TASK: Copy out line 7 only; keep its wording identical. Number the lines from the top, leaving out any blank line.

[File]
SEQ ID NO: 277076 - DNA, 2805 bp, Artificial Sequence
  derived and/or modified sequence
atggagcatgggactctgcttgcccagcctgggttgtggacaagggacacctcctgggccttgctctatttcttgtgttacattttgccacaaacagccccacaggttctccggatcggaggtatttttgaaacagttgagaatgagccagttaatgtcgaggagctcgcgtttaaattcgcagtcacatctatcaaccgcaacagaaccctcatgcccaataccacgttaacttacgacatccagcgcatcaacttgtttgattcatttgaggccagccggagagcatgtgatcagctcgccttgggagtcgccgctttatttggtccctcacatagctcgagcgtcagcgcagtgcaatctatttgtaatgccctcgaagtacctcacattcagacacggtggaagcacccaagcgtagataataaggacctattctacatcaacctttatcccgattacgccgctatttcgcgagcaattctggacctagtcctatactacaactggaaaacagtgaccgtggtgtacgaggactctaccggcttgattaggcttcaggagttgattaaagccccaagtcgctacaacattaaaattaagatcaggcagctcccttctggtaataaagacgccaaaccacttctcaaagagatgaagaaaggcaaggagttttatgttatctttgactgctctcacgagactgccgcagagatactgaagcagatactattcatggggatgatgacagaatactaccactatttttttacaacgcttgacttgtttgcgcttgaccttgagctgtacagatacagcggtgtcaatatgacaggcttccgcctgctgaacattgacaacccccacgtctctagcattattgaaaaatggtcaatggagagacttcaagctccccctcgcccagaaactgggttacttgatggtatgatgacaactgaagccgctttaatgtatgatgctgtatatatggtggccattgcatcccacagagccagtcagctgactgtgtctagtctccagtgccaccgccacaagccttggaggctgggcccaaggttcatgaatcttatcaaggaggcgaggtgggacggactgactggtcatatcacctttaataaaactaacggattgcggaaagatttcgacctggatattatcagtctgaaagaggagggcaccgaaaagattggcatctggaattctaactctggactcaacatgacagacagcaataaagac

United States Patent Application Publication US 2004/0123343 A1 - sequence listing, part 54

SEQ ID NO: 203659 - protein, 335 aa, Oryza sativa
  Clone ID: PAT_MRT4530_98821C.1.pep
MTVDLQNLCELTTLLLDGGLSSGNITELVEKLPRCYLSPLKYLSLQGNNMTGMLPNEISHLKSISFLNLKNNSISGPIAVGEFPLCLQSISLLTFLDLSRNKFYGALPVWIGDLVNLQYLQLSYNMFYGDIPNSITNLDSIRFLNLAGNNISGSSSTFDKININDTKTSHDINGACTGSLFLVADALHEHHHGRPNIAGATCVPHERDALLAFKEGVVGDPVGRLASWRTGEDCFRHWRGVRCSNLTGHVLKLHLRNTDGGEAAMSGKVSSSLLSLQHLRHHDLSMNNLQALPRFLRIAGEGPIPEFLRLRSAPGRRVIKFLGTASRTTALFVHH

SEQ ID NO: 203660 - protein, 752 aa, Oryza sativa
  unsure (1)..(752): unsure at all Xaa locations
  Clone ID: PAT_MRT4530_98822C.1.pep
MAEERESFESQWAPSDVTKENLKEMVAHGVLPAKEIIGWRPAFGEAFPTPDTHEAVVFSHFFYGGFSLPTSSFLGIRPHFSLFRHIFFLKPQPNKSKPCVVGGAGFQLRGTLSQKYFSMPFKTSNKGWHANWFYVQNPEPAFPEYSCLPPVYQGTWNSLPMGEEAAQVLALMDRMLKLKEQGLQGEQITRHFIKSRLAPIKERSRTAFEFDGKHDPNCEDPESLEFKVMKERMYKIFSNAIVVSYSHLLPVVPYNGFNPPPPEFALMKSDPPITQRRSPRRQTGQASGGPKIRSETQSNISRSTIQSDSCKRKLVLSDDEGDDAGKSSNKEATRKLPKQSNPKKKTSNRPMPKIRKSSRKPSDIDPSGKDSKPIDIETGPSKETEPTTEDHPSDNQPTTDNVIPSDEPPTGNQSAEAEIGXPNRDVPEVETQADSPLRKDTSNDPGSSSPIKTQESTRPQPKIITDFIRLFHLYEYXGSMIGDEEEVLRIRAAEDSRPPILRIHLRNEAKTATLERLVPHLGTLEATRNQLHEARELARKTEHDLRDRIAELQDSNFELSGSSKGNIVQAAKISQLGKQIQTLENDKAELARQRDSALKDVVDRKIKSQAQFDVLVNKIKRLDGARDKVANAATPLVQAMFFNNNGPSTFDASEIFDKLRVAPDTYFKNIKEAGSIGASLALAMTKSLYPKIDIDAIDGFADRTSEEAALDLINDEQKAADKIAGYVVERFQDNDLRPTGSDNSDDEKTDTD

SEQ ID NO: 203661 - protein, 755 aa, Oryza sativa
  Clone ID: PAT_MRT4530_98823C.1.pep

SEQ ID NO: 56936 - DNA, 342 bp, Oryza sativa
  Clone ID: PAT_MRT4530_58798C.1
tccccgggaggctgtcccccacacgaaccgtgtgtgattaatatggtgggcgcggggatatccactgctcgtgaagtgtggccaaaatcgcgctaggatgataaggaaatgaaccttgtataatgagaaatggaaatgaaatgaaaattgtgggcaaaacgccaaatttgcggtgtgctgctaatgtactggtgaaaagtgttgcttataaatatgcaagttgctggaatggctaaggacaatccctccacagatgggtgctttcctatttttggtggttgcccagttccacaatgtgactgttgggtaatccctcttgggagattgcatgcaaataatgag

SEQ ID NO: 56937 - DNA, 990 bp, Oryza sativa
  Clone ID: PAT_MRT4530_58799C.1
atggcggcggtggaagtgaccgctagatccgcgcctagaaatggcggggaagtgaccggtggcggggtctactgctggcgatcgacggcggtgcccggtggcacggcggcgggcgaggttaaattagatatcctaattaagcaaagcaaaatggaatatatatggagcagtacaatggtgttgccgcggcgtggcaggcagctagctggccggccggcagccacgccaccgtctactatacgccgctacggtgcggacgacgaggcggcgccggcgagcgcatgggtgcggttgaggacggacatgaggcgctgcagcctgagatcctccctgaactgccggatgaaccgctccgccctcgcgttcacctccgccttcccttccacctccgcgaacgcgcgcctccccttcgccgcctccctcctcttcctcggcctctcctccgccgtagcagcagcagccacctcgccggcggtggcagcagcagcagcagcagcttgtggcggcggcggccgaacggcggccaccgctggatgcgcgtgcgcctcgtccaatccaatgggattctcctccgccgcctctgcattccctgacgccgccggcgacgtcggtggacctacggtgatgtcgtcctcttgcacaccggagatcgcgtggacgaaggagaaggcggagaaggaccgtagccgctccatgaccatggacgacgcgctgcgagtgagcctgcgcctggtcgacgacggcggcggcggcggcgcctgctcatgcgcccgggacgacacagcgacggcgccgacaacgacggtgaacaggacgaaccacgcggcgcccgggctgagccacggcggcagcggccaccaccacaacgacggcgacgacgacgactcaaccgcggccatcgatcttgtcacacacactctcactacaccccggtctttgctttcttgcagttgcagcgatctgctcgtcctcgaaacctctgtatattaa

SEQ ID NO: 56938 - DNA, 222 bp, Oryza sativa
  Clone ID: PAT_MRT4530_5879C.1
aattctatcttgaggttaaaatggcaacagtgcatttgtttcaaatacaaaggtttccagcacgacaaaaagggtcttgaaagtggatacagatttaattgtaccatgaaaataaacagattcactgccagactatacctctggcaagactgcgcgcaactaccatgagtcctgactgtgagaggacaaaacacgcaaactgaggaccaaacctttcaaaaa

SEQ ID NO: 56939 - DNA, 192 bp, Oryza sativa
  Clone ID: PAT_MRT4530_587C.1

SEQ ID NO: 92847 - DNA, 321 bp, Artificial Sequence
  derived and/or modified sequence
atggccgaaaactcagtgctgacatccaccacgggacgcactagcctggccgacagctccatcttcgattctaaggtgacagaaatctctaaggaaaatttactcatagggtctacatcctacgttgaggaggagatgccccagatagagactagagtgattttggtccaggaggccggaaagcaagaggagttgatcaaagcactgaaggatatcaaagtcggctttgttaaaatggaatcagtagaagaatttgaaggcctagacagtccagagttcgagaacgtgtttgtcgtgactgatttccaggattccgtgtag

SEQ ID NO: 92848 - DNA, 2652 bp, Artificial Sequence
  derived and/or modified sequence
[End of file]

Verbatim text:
MTVDLQNLCELTTLLLDGGLSSGNITELVEKLPRCYLSPLKYLSLQGNNMTGMLPNEISHLKSISFLNLKNNSISGPIAVGEFPLCLQSISLLTFLDLSRNKFYGALPVWIGDLVNLQYLQLSYNMFYGDIPNSITNLDSIRFLNLAGNNISGSSSTFDKININDTKTSHDINGACTGSLFLVADALHEHHHGRPNIAGATCVPHERDALLAFKEGVVGDPVGRLASWRTGEDCFRHWRGVRCSNLTGHVLKLHLRNTDGGEAAMSGKVSSSLLSLQHLRHHDLSMNNLQALPRFLRIAGEGPIPEFLRLRSAPGRRVIKFLGTASRTTALFVHH